Every available statistic shows a system that is inexorably lurching from chronic failure towards acute crisisby Chris Tilbury / December 12, 2017 / Leave a comment
Words are no longer adequate to discuss the simmering conditions inside our prisons, so let’s try a few numbers. In 2010, 58 prisoners in England and Wales killed themselves. Last year, the number was 199—that’s an increase from about one suicide a week to approaching four. Suicide, of course, is only ever the tip of an iceberg of misery. In 2010, there were 26,979 recorded incidents of self-harm; last year there were over 40,000. And what about violence that turns outwards instead of in? In 2010, there were 2,848 recorded assaults on prison staff and 11,244 inmate-on-inmate assaults. Last year those numbers were 6,844 and 19,088 respectively.
In 2015-16 almost 21,000 prisoners were held in overcrowded accommodation, many doubling up in cells designed for one. In some prisons, the ratio of prisoners to staff officers is as high as 30:1—fully three times the level of staffing that many of the experts suggest is wise. The output of this brutal, broken system remains stubbornly unreformed. Forty-four per cent of adults are reconvicted within one year, and that figure rises to 59 per cent for those serving futile short spells. Heaven knows what it would rise to if we were able to include all those who reoffend but don’t get caught.
Every available statistic shows a system that is inexorably lurching from chronic failure towards acute crisis. This autumn, 10 groups of anti-riot officers were sent to Long Lartin prison in Worcestershire after 80 prisoners took over a maximum security wing housing some of the most violent offenders in the country. That came almost a year after a riot at Birmingham’s main prison, when armed police were posted outside in case inmates escaped. One former prisoner told me starkly where all this is headed: “We are going to have major prison riots in which people will die,” he said. “Officers will be taken hostage, tortured and murdered. It’s going to happen.”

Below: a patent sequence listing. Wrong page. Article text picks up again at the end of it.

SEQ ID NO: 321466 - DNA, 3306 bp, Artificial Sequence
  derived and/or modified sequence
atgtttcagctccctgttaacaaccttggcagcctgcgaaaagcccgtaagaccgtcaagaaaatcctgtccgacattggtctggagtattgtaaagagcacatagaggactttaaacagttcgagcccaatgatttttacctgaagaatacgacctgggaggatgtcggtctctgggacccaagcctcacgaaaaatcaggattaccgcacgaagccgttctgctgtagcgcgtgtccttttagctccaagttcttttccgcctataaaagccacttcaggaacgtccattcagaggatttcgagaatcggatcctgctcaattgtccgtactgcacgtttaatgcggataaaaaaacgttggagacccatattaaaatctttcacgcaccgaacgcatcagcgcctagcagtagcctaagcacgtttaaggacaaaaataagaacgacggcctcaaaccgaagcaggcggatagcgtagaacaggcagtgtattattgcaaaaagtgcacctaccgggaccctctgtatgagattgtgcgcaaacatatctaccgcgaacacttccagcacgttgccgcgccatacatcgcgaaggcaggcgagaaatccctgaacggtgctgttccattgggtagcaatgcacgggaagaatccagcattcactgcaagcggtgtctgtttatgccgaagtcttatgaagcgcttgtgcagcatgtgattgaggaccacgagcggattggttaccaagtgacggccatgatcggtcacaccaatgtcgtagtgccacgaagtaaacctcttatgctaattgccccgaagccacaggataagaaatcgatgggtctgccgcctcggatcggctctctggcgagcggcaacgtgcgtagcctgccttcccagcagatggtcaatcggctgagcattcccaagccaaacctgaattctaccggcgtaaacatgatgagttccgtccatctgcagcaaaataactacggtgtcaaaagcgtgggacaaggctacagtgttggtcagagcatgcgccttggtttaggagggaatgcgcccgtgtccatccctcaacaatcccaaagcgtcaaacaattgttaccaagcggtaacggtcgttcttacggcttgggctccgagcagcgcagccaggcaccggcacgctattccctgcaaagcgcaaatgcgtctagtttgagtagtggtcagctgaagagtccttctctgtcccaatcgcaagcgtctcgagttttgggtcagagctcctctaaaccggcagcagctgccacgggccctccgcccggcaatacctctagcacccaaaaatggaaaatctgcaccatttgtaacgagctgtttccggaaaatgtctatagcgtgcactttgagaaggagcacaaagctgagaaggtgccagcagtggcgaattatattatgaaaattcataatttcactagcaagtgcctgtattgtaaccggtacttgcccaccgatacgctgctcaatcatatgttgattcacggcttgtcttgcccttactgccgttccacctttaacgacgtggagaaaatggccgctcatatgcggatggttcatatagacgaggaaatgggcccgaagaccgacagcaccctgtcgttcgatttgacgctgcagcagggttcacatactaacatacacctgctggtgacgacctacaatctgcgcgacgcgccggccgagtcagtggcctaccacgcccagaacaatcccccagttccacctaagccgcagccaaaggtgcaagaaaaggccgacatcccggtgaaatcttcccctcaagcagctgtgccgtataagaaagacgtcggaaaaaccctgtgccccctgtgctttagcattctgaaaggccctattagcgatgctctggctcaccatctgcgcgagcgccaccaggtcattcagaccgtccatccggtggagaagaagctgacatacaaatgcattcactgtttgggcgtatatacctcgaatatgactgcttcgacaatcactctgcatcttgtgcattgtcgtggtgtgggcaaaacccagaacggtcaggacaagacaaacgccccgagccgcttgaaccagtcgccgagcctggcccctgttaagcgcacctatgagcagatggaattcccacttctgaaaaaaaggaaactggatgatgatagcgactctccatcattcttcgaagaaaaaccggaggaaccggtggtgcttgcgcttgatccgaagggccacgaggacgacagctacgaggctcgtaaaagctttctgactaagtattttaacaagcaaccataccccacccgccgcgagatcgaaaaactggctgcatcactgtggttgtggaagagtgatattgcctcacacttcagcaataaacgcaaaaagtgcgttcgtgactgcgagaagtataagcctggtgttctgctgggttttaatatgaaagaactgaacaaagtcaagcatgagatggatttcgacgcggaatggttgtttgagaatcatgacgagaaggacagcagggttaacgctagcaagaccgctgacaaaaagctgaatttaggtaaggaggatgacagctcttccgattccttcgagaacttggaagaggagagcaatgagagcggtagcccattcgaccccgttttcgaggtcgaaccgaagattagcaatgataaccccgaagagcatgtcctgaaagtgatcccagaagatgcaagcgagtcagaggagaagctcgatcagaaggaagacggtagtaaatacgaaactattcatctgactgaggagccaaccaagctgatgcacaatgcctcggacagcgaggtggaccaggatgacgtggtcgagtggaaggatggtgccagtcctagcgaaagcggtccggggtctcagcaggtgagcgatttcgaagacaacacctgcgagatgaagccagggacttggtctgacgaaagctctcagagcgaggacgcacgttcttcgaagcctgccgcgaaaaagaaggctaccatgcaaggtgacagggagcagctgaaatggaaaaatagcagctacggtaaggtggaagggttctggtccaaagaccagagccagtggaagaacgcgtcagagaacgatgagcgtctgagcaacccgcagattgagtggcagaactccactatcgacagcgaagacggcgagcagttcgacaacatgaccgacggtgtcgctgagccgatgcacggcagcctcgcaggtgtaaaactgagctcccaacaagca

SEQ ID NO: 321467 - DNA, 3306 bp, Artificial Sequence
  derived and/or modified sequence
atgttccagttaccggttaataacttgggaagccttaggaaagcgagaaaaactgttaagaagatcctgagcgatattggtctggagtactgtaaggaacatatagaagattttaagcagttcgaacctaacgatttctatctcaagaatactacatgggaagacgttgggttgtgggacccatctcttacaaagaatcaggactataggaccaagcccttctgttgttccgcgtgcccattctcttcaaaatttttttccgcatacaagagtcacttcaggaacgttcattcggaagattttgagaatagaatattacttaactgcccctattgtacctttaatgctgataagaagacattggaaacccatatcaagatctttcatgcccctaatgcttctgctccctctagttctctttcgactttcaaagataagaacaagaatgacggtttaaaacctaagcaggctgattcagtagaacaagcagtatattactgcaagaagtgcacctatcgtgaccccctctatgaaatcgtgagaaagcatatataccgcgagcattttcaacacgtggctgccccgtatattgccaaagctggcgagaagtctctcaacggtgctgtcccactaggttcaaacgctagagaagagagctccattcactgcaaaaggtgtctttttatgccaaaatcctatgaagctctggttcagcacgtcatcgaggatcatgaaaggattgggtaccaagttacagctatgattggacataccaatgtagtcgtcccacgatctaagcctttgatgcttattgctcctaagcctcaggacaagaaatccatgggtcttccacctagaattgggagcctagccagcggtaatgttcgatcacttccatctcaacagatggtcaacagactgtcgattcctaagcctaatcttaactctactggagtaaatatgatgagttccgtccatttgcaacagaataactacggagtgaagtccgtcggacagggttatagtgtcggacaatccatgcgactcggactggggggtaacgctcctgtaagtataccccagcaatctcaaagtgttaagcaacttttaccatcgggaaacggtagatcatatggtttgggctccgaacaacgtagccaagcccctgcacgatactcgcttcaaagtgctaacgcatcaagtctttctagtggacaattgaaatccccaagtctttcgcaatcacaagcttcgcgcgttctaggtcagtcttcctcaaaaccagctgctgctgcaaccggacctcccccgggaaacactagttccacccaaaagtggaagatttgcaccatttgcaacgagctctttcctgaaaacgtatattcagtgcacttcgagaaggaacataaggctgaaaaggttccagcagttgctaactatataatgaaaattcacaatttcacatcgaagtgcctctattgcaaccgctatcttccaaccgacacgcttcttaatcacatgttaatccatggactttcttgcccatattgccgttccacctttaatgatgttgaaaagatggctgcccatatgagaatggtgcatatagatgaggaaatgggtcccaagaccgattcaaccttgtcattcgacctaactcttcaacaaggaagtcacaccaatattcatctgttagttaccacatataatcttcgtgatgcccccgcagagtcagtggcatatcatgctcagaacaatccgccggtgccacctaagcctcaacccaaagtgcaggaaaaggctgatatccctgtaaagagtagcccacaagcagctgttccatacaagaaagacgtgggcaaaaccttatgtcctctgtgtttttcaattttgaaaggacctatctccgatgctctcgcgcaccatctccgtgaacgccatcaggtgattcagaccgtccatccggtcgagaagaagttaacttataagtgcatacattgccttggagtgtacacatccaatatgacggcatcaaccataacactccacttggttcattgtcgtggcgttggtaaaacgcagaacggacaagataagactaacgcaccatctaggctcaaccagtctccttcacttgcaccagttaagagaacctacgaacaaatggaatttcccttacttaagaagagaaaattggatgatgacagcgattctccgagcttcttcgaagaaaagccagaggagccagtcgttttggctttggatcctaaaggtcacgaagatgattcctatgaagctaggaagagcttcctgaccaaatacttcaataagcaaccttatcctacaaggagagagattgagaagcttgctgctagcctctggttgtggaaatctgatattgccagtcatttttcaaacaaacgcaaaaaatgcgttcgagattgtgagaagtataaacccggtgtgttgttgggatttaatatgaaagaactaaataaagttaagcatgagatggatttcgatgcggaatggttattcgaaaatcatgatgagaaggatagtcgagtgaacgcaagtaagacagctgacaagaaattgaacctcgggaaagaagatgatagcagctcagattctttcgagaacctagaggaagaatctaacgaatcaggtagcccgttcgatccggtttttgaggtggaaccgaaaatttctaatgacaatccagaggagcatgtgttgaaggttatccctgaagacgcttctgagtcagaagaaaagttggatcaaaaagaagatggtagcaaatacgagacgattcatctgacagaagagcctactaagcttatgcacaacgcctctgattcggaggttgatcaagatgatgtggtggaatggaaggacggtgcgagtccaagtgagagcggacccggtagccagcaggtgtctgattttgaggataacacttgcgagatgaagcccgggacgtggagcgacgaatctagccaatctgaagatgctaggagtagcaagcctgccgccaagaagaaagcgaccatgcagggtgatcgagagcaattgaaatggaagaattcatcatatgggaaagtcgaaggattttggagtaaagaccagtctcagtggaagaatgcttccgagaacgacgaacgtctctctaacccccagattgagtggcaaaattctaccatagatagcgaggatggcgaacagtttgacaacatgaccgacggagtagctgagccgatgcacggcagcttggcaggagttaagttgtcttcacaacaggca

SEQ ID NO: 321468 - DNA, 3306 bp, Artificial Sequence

Here, Venetia Rainey looks at how the Dutch solved their own prisons crisis
This diabolical pass has been reached in a fast-ageing society that is a good deal more law abiding than it was a generation ago. So how on Earth did we get here? There are two halves to the answer—a slow story of rising recourse to custody over many decades, and a much more recent tale of…